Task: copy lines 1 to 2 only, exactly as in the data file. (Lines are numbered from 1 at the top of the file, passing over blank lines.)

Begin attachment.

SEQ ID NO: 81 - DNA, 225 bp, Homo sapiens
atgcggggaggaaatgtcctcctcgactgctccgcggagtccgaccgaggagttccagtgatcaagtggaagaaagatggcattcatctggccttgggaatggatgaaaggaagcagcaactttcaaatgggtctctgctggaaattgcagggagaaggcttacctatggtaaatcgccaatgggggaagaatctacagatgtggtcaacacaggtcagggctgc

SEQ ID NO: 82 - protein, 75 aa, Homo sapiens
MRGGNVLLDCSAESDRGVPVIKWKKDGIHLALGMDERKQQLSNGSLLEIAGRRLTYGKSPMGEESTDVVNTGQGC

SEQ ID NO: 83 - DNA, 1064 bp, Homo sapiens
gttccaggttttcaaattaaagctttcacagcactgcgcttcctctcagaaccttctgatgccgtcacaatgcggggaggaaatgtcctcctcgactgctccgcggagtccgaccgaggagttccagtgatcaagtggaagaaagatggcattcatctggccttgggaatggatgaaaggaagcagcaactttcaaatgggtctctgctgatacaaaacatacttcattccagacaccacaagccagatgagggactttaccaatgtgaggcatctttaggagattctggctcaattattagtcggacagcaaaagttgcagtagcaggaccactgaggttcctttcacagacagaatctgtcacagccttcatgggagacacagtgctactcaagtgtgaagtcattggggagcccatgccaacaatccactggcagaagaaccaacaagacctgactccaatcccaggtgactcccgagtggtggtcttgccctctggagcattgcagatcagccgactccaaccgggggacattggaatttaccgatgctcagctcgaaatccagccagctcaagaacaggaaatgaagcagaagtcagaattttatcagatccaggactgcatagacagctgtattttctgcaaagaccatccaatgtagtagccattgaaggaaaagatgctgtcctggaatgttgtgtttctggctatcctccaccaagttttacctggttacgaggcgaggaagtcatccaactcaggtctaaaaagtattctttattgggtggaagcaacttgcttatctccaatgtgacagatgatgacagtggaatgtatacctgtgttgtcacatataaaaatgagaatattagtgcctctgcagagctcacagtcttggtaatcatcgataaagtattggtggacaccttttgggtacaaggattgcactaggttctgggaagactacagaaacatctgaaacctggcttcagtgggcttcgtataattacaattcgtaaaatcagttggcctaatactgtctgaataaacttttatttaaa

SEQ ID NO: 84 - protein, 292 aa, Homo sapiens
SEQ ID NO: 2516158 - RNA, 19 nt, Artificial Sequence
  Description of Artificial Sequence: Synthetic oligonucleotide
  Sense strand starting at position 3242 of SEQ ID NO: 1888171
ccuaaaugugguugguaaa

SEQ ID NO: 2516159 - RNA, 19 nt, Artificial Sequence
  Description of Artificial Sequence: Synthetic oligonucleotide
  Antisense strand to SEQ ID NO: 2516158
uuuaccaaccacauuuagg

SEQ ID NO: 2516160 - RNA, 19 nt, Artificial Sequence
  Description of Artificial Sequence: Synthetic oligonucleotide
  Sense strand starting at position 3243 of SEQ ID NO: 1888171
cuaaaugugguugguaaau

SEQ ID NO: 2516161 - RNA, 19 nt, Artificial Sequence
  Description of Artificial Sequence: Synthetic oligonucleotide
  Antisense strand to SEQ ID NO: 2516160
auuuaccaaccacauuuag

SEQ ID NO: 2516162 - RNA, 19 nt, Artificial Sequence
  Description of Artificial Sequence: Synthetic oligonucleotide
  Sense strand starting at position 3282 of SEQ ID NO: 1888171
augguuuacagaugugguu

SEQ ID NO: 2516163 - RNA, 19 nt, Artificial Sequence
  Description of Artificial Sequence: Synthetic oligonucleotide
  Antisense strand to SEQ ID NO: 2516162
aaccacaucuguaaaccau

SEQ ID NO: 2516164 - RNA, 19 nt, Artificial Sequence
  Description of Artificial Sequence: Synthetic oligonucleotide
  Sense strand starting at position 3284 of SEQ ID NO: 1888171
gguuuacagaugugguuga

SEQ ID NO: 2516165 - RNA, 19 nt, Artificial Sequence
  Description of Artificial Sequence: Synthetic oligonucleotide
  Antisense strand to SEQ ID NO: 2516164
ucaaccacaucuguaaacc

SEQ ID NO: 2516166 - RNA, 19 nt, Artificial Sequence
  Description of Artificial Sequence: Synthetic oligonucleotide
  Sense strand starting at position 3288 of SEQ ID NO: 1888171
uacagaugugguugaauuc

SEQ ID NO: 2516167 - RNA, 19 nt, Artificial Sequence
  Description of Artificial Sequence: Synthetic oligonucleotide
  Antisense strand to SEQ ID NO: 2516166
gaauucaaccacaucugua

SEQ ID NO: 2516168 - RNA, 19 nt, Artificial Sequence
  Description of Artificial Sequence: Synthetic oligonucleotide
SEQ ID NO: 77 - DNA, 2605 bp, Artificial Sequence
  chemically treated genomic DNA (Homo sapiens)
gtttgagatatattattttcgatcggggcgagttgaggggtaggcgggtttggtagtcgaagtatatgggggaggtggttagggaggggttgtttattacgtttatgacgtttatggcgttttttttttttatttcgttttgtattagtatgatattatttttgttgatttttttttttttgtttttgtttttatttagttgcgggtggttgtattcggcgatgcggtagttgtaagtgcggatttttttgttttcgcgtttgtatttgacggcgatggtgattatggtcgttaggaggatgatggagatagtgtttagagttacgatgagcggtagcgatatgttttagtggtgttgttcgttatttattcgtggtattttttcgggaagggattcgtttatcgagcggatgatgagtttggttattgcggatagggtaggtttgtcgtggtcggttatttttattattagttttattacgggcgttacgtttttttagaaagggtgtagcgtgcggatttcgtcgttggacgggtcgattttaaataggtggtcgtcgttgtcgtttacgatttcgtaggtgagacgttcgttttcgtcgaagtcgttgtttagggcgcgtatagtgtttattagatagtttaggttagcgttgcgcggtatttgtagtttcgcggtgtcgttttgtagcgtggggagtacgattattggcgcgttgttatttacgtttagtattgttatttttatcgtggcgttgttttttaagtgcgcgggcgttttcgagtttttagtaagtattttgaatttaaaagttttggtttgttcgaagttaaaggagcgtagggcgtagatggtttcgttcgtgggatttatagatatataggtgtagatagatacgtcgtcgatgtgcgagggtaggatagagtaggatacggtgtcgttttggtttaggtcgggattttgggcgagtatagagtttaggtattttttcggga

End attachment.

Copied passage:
SEQ ID NO: 81 - DNA, 225 bp, Homo sapiens
atgcggggaggaaatgtcctcctcgactgctccgcggagtccgaccgaggagttccagtgatcaagtggaagaaagatggcattcatctggccttgggaatggatgaaaggaagcagcaactttcaaatgggtctctgctggaaattgcagggagaaggcttacctatggtaaatcgccaatgggggaagaatctacagatgtggtcaacacaggtcagggctgc